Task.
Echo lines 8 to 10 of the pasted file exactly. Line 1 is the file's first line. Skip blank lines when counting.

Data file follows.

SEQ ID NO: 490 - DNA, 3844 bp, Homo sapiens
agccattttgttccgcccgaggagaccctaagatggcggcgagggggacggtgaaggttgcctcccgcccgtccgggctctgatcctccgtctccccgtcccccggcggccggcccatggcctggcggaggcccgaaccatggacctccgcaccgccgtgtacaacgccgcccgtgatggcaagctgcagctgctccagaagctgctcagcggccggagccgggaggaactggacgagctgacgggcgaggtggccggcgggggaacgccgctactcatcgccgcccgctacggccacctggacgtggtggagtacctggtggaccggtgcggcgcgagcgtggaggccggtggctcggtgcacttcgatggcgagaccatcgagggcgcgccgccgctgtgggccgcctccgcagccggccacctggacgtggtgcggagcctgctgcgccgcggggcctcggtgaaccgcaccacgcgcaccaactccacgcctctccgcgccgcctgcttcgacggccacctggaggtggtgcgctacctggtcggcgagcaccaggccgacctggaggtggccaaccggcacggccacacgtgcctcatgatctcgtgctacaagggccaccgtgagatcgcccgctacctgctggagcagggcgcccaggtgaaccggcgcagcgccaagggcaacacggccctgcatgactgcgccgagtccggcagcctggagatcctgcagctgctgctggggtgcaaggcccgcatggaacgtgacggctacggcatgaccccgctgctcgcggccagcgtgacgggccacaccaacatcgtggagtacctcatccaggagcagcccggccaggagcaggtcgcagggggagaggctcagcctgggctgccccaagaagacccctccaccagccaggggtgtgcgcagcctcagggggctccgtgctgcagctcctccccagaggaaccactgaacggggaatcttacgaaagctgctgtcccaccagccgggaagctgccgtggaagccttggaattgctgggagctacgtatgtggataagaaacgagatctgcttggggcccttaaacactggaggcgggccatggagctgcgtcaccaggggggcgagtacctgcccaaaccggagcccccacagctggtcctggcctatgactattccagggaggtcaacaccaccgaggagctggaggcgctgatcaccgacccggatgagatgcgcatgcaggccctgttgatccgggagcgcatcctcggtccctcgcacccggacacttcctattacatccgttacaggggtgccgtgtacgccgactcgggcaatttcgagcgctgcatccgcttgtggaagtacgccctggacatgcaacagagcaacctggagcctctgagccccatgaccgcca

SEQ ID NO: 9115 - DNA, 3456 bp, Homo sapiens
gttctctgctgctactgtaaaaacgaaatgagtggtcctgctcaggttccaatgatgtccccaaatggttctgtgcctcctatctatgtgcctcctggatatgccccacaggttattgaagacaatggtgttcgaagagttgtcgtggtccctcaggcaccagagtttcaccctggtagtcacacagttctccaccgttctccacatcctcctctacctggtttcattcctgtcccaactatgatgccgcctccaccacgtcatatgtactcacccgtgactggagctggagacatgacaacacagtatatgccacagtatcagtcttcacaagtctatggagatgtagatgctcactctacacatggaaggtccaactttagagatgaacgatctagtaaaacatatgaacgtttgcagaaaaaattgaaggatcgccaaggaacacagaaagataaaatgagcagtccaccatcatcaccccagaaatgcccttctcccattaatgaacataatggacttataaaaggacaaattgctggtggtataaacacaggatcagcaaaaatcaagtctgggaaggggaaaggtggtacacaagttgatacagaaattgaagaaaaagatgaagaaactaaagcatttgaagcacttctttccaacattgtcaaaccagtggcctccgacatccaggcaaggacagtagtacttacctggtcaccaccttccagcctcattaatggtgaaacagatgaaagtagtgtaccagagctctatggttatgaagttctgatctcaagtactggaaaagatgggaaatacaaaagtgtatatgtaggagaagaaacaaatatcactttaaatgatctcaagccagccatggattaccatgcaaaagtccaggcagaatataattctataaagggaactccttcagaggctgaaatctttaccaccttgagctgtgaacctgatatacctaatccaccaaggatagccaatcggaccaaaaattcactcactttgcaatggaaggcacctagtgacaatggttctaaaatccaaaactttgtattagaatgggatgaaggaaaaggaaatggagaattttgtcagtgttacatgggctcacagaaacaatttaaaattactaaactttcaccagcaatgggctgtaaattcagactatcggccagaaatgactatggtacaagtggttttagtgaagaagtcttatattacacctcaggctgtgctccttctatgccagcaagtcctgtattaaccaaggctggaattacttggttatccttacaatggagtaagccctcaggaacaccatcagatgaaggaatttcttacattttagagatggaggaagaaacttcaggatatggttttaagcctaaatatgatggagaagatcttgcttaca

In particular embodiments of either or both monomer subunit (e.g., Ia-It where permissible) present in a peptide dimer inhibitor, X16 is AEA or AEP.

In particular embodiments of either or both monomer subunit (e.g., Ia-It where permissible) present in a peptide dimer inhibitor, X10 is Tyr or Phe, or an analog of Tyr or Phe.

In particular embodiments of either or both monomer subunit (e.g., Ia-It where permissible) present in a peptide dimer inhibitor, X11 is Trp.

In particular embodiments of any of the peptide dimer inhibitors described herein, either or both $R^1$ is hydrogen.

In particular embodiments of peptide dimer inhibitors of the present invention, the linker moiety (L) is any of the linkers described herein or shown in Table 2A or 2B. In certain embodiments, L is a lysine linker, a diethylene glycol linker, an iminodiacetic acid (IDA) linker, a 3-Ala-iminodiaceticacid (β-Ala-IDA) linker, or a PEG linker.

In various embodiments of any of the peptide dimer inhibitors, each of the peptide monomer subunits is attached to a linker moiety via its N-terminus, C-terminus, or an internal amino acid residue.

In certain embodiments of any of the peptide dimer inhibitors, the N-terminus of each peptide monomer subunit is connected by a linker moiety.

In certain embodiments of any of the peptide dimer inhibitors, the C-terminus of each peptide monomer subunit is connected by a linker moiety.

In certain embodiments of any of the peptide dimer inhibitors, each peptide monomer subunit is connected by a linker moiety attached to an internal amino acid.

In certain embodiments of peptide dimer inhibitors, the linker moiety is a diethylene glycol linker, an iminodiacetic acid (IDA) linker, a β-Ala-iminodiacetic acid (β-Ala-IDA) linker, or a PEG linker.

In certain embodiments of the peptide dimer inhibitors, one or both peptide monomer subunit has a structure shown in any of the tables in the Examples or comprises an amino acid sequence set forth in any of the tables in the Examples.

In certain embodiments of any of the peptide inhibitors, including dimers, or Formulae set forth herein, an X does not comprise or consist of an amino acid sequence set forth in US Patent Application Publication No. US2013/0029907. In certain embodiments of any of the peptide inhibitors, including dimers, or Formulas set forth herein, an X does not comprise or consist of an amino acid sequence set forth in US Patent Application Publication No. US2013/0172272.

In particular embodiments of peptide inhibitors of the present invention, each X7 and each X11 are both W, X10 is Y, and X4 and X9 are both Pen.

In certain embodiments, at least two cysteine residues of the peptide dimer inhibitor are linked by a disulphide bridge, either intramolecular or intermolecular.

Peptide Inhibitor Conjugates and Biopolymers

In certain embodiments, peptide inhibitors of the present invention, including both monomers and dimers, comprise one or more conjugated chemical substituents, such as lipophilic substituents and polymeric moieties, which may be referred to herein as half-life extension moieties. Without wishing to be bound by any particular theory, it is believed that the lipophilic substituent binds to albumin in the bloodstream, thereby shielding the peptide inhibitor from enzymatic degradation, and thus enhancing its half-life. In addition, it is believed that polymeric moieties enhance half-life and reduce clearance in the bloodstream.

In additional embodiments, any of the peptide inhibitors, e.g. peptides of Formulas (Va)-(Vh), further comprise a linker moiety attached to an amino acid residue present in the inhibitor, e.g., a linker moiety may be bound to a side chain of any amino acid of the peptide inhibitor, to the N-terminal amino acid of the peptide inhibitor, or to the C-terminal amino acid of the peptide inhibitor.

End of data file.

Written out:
In particular embodiments of any of the peptide dimer inhibitors described herein, either or both $R^1$ is hydrogen.

In particular embodiments of peptide dimer inhibitors of the present invention, the linker moiety (L) is any of the linkers described herein or shown in Table 2A or 2B. In certain embodiments, L is a lysine linker, a diethylene glycol linker, an iminodiacetic acid (IDA) linker, a 3-Ala-iminodiaceticacid (β-Ala-IDA) linker, or a PEG linker.

In various embodiments of any of the peptide dimer inhibitors, each of the peptide monomer subunits is attached to a linker moiety via its N-terminus, C-terminus, or an internal amino acid residue.